What do I do support myself as I make my way during those the “down the hill” cycles? I increase my yoga, and breath practices, and add more time for physical activity in each day. I become hyper conscious of food my food choices, avoiding sugar and caffeine. They are not my friends. I like to treat myself to massages and other healing modalities. Oh, and I also make sure I get enough rest.
As I have written extensively in my other books, there are too many different meditation techniques and beliefs to begin a discussion here. But what I always work to remember are the gifts I have received over the years from being tenacious about having a meditation practice. After the last thirty years of practice, I have experienced psychic contact with some of the great Masters and in this way have a sense of knowing the gifts of my perseverance. In the end, all the work and effort are a prelude to a deeper and more direct communion with the divine. This is the Golden Dawn.
I remember many years ago hearing a man who I respect say it took him almost ten years to advance his meditation practice to a place where he was beginning to feel satisfied. His comment reminded me of what is important for me to always remember. How I measure progress and success on the material plane is not always a perfect reflection of what is happening on a spiritual level. What I experience in my meditation practice helped me to become very aware that my earthly sense of what is or is not important was incorrect. This ranges from simple ideas like the impact of other’s opinions of me and their impact on my life in comparison to the energy I continue to create that distances me from the divine.
Then there is the issue of reincarnation – the idea of more than one lifetime. There are times I remind myself I am in this school for only a short period of time. I have quite a bit of warrior energy in me and there are times I must focus myself to temper my expectations. I am not going to get all of my spiritual work done in this lifetime. It is not possible. There are far too many behind me and so many more lifetimes to come that it would certainly be imprudent on my part to imagine I would be finished with this lifetime. I was taught from a very early age to set high expectations for myself and the life I am here to live. Fortunately for me these were of a religious nature which has now transitioned to a spiritual place within me. Even though this is the case, there are still times I must rein in my energy and remind myself that I am becoming – my soul is unfolding – and that I am exactly where I need to be in this moment.
How does this relate to the Golden Dawn? When I meditate, I know I am working toward bringing my physical energy into harmony with the vibration of the earth. When my body is in harmony with the earth plane, I am releasing discordant energy that has accumulated from my everyday life here on the planet. The accumulation of this conflicting energy may potentially become the source of illness for me. The proof of this is that there have been times when I am in meditation and I can feel the energy that is not supporting my wellness, being released from my body. This is especially true when I am feeling some type of pain and focus my thoughts to release whatever thought or feeling I am holding in my body that is now manifesting as minor pain. There have also been those times in meditation when I have been “given” direction to make changes in my diet or increase my exercise.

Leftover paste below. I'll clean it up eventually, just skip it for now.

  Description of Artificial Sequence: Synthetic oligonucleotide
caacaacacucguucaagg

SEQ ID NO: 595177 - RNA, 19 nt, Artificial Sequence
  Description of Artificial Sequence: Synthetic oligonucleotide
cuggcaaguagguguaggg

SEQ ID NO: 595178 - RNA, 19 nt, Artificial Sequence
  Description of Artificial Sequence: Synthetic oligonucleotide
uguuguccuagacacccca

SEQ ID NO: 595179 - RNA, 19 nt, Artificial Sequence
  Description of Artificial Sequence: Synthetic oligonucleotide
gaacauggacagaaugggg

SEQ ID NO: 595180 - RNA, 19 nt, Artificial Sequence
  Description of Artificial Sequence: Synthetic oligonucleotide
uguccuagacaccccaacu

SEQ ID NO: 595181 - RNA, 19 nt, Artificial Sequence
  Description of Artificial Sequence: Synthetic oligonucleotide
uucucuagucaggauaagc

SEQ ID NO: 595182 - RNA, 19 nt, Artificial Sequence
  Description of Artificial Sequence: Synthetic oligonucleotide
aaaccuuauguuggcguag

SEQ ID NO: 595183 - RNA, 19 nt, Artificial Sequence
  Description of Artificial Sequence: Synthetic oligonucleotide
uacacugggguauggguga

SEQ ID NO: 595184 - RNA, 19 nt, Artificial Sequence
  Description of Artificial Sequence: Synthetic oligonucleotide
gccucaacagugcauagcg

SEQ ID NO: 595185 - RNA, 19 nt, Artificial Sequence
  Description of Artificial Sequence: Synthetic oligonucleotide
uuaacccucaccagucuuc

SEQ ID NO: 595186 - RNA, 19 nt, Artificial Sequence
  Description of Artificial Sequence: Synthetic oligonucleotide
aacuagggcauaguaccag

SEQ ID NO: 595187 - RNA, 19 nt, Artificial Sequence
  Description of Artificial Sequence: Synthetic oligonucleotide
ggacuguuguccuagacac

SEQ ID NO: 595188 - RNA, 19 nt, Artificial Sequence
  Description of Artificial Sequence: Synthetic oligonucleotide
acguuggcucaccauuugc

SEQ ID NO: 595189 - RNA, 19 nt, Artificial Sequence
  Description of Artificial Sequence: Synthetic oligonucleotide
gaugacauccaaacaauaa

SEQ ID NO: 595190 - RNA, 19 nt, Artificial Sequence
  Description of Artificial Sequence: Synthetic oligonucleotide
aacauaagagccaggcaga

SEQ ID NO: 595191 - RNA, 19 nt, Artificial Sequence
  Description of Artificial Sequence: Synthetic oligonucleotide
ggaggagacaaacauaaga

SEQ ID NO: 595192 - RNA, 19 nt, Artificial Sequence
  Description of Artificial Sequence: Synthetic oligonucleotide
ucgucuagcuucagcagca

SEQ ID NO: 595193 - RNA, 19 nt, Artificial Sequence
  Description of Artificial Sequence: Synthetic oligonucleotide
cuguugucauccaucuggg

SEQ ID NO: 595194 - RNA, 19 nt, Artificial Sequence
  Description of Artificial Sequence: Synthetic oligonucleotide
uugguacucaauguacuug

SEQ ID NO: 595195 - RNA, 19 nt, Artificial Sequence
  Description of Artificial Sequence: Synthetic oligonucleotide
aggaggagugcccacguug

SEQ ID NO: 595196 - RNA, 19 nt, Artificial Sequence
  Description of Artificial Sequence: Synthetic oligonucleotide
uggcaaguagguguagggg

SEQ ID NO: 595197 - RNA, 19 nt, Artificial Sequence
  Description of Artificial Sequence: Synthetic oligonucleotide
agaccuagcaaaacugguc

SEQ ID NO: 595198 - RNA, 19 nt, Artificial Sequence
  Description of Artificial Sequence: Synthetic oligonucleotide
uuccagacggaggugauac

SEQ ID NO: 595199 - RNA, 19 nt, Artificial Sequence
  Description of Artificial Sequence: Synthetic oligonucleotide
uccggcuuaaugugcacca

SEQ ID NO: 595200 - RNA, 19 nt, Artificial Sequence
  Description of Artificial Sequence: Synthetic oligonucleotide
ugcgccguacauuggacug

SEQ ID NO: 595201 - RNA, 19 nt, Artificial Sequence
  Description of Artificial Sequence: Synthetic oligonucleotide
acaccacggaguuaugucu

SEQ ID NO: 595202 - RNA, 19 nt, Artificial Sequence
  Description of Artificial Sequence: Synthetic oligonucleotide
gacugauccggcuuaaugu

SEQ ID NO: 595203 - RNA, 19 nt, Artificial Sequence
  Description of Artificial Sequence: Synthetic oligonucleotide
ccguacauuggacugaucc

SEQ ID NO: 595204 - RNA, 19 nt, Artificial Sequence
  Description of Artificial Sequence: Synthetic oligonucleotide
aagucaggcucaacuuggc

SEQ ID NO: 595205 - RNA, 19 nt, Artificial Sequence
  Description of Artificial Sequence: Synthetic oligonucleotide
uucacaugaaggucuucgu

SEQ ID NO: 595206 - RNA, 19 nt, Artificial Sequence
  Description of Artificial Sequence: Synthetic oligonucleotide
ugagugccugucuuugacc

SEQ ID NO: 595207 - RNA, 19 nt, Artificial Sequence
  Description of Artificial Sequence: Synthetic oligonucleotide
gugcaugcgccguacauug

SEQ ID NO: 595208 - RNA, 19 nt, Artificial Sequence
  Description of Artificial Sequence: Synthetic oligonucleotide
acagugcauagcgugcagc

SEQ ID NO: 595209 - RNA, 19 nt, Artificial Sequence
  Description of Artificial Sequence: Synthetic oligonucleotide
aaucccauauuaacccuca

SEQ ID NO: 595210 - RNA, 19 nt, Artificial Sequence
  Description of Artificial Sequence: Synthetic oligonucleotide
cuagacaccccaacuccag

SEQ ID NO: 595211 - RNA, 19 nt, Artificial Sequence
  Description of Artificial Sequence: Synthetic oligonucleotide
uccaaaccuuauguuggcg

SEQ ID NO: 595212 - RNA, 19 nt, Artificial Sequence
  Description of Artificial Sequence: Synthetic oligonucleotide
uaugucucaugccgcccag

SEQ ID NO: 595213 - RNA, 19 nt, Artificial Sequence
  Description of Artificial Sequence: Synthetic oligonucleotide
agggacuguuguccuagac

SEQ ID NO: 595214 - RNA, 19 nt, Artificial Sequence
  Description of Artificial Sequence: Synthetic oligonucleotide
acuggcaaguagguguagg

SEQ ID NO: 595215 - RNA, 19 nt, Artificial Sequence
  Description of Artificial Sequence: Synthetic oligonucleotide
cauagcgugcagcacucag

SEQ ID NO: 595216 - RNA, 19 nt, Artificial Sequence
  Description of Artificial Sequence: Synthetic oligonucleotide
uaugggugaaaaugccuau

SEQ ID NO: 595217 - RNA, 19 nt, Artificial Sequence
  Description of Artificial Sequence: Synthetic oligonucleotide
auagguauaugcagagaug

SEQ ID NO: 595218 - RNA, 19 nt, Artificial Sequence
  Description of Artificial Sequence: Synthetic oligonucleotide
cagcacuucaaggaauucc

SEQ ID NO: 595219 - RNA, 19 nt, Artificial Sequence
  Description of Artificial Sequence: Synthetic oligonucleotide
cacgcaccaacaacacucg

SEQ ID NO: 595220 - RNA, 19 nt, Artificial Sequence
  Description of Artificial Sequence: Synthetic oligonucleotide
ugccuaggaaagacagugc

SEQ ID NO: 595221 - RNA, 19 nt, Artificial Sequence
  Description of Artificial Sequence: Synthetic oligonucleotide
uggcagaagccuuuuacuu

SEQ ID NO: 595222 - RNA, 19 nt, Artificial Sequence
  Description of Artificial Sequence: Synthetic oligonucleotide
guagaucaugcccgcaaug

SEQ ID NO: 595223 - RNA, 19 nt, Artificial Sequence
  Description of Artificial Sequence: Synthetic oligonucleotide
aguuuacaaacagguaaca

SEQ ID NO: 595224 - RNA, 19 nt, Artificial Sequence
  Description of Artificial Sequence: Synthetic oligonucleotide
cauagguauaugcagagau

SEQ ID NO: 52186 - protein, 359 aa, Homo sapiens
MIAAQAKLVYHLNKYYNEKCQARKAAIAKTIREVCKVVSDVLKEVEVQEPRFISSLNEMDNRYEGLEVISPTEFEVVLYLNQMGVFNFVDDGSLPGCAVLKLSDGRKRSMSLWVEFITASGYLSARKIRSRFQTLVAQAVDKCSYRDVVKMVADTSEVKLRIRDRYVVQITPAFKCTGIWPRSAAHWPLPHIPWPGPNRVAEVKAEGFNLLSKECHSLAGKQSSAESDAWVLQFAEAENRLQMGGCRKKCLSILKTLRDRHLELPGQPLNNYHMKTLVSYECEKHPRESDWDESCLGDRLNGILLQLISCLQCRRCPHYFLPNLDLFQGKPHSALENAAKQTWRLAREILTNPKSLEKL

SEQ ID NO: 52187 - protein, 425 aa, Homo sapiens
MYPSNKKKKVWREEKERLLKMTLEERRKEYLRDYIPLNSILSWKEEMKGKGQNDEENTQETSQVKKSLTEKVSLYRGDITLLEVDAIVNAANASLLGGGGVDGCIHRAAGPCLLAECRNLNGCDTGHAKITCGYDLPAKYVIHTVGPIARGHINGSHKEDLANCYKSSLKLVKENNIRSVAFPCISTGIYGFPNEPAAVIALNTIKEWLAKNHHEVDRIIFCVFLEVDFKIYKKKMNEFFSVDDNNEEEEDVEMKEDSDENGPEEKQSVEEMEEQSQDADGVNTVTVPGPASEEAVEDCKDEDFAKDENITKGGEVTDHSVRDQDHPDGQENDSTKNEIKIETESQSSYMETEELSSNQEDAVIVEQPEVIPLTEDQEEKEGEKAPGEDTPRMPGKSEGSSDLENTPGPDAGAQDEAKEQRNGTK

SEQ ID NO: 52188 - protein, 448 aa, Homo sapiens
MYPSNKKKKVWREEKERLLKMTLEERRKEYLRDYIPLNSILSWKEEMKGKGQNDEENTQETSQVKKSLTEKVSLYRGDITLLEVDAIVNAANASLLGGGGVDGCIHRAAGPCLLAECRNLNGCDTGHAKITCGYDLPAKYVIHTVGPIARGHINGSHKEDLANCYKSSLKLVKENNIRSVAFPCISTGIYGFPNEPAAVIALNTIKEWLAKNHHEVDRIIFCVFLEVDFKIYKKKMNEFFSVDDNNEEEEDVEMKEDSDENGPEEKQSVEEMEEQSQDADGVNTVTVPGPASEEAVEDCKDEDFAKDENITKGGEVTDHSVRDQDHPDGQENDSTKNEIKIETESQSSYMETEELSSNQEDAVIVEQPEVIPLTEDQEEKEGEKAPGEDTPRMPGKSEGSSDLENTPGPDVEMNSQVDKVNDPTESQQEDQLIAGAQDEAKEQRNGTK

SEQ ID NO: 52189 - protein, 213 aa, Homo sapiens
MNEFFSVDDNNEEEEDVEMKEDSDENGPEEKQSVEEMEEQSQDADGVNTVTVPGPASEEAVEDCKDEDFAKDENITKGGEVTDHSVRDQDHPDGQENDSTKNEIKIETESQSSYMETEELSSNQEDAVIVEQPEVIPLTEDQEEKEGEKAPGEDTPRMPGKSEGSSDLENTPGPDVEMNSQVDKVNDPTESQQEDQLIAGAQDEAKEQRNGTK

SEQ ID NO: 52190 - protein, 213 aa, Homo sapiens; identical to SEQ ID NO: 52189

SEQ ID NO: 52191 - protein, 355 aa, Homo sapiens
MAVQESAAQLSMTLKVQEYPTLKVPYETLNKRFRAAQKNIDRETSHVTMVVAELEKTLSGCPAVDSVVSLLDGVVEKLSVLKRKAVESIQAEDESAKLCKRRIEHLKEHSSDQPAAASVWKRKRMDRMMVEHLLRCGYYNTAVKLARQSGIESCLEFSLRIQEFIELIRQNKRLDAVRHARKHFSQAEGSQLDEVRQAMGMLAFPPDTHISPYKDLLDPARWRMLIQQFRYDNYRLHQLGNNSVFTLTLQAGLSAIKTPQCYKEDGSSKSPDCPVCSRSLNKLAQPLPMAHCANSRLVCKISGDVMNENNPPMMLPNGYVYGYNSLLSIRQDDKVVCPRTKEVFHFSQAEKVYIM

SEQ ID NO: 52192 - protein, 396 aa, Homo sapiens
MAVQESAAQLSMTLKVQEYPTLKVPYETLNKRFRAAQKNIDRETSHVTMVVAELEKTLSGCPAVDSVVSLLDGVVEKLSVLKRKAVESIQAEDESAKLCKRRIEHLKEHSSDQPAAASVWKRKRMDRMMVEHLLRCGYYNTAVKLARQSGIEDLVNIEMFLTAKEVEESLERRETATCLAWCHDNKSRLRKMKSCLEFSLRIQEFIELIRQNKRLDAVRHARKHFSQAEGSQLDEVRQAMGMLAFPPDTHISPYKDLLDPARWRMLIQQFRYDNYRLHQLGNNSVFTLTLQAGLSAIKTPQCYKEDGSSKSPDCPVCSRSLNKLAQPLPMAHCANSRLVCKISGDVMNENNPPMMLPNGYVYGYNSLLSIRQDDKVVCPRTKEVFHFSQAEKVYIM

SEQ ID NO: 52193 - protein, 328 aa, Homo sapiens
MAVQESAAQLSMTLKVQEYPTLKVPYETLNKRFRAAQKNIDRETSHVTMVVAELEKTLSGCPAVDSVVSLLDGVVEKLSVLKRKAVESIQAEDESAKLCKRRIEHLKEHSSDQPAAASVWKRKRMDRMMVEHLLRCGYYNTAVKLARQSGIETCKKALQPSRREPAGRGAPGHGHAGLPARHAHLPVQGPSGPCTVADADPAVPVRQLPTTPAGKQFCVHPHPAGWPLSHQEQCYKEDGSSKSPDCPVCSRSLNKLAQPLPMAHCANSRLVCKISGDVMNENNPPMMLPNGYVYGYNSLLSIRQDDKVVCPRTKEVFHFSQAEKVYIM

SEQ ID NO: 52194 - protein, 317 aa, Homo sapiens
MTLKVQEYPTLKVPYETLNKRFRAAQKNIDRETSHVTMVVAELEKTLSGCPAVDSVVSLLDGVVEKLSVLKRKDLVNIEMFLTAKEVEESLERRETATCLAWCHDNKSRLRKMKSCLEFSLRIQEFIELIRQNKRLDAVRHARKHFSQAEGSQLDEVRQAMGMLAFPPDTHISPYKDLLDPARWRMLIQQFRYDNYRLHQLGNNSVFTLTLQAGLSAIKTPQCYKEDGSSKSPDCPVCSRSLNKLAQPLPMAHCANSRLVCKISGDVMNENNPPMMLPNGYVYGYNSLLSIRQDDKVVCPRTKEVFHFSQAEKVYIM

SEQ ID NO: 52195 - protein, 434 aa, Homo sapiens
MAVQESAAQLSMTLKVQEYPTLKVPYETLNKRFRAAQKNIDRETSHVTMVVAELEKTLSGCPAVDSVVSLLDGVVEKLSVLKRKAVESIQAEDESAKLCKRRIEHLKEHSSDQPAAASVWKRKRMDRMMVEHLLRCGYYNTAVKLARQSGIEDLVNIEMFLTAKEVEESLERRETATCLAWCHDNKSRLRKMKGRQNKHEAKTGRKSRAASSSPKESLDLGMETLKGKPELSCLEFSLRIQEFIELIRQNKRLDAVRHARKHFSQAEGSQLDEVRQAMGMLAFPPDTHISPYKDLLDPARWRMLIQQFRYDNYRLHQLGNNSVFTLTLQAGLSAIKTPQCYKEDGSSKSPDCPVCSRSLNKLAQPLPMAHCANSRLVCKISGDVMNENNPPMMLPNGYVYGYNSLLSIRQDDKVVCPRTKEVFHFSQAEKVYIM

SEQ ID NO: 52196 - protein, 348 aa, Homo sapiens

Eventually all of us will experience some kind of illness. It is inevitable. Our food, water and air supplies are contaminated to a degree to which I find hard to believe ever happened before in the history of the planet. Contributing to this condition is the fact that we are advancing to a place of being one world and one people. At this stage in progressing in that direction, we have become inhabitants of a planet who travel farther and wider than ever before. Technology has helped us to advance to a very high place in the history of humankind. With this, there is a lot of good and bad energy being moved around the planet impacting the entire population of the world. Even if this was not the case, I am aging and just as everyone else my body is showing signs of decay from the passing years. No matter how well I guard and protect my body, illness and physical death is unavoidable as a positive or negative experience.
Up the hill and down the hill I go.
Stephen Thomson is a well-known psychic, writer and teacher. He specializes in, the Tarot, Kabbala, Meditation, and explorations of eastern mystical teachings and practices. Steve specializes in uncovering the source of mastery within, inner well-being and self-actualization that so many strive for, but few attain. His passion and focus are the subjective experiences of the spiritual path – especially the ones people experience that are seemingly beyond belief. He loves sharing his experiences and loves to hear from others. He currently lives in San Diego. You can reach him through his website, Stephenthomson.net